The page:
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BBC Studioworks to launch mentoring programme

BBC Studioworks says it is committed to building creative communities and investing in the future by providing much-needed access for the next generation of future talent

BBC Studioworks has announced that following a successful pilot last year, it will be running a mentoring programme that will see eight BBC Studioworks staff mentoring eight Elstree Screen Arts students starting in November.

The programme will be run in partnership with ScreenSkills and will be able to call on National Lottery funds awarded to ScreenSkills by the BFI as part of the Future Films Skills programme. BBC Studioworks said that the mentoring scheme “will provide much-needed support for school leavers from underrepresented groups… and forms one element of Studioworks’ strategy in tackling the skills shortage in the industry.”

BBC Studioworks also revealed that it is enhancing its partnership with Rise Up “to deliver video content designed to inspire the next generation of engineers (especially female engineers) into the industry”. The content will bring to life the role of broadcast engineers for those considering their career choices, as well as showcasing the breadth and depth of the opportunities available, and will be made available to all primary and secondary schools as part of the toolkit provided via the Rise Up Academy.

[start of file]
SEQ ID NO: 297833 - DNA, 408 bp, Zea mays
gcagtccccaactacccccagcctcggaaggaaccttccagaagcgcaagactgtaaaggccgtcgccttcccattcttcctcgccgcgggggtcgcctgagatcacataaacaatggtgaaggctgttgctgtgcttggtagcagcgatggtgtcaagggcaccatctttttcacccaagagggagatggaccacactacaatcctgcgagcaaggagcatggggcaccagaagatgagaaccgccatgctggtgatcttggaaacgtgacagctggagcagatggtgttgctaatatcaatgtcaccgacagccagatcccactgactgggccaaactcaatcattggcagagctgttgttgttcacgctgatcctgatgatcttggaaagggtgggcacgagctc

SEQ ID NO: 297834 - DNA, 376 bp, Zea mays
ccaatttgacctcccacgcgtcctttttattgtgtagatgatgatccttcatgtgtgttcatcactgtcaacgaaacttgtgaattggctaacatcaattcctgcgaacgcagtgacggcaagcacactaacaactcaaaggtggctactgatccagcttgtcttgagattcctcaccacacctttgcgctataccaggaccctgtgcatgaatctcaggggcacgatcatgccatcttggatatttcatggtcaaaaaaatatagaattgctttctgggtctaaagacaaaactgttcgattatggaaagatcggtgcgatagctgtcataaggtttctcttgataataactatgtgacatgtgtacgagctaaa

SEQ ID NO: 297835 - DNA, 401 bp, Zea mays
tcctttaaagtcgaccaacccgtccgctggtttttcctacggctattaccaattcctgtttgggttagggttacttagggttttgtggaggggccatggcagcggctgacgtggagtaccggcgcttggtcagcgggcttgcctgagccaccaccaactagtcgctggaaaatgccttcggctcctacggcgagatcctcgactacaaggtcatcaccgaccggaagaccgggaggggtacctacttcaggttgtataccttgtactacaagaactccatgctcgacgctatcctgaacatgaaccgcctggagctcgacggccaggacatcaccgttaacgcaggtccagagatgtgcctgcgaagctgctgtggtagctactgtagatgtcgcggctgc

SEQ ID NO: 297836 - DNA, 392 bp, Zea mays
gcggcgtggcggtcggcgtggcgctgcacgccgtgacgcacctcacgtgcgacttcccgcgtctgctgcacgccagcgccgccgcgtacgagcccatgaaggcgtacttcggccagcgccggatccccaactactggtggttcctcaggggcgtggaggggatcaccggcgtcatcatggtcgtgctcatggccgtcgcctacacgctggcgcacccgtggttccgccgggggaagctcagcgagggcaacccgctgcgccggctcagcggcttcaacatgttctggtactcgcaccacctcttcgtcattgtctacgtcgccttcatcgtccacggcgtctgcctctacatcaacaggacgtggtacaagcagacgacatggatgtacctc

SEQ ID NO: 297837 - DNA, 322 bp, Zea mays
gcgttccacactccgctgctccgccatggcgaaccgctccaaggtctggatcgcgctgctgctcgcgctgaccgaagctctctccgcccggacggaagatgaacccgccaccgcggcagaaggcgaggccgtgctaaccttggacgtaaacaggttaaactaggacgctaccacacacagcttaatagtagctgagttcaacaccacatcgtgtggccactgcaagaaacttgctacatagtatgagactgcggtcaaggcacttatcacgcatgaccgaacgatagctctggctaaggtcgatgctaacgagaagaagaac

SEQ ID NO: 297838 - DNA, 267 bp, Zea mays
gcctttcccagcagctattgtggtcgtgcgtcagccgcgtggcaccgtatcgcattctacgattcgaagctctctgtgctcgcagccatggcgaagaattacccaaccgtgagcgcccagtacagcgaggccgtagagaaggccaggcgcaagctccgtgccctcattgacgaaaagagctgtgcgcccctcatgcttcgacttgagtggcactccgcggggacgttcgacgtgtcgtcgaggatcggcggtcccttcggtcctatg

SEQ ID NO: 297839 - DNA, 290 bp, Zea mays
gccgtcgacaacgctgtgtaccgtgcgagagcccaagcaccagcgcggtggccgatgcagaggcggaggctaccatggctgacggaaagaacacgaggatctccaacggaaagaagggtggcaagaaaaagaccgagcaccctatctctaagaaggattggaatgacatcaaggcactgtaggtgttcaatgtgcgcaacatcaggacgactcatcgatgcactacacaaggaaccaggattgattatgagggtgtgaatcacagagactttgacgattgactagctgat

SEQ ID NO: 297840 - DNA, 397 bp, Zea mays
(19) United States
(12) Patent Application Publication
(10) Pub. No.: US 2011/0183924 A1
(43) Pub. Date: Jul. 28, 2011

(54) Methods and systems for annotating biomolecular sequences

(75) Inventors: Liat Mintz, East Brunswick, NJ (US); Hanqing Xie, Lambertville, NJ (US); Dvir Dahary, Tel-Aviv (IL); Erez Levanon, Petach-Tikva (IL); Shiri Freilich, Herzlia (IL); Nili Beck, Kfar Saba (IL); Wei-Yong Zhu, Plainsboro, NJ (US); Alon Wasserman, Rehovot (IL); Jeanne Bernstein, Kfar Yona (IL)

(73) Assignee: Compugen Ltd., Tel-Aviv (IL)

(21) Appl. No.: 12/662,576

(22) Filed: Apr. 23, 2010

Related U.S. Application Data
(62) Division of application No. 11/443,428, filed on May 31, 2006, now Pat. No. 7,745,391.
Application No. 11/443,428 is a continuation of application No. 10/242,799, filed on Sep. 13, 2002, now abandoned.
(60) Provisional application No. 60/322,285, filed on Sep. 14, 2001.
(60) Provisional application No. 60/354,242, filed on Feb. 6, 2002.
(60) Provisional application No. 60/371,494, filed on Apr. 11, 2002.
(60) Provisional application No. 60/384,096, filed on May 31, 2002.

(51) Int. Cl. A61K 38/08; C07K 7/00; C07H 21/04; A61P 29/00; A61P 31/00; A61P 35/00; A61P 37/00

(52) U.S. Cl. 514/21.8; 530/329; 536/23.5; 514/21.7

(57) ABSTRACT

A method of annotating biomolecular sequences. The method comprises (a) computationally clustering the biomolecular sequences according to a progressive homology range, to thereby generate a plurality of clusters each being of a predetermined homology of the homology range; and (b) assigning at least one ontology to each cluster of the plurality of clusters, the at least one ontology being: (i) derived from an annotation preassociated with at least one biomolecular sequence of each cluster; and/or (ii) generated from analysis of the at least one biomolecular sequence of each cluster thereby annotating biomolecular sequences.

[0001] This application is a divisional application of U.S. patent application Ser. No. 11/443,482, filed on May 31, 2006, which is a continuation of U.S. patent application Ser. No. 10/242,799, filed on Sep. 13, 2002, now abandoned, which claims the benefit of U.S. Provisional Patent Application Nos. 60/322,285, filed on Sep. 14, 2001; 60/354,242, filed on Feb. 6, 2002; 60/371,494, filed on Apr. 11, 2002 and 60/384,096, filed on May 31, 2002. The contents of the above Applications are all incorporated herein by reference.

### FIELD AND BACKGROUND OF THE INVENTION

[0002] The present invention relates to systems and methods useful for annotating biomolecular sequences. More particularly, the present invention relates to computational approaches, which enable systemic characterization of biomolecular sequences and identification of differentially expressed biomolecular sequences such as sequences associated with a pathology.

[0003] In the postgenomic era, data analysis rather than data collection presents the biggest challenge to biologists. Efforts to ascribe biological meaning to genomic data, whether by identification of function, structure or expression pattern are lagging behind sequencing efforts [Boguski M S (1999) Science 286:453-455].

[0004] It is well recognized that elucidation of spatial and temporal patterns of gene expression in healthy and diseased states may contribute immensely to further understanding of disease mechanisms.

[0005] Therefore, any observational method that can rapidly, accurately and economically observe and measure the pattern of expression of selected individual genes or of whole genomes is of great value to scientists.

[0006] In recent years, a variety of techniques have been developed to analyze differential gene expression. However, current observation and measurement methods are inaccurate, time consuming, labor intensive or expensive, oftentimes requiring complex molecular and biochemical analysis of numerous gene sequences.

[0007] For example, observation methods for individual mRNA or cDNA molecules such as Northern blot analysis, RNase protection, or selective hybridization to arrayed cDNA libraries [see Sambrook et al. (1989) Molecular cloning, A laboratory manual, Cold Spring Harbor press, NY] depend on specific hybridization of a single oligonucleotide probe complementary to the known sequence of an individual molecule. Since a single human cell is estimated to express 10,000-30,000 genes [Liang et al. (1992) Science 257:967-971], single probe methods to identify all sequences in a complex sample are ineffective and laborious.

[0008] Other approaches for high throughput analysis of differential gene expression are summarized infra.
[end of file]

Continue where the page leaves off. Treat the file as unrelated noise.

In addition, BBC Studioworks confirmed it has volunteered to be part of Rise Up Academy’s ‘Project1000’ initiative, to deliver live broadcasting workshops and masterclasses to 1,000 technical college students and school children by Christmas.

“We’re on a mission to engage and connect with a young audience like never before,” said Katie Leveson, culture and transformation director, BBC Studioworks. “We’re an operational business that relies on the best off-screen talent to deliver the most ambitious and complex light entertainment shows in the country. We need to continue to inform and inspire the next generation of talent, opening their eyes to the many opportunities available to them off-screen. Only by opening up access to our industry, and investing in training and future careers, will we broaden horizons and help to build the strong and diverse pipeline the industry is crying out for.”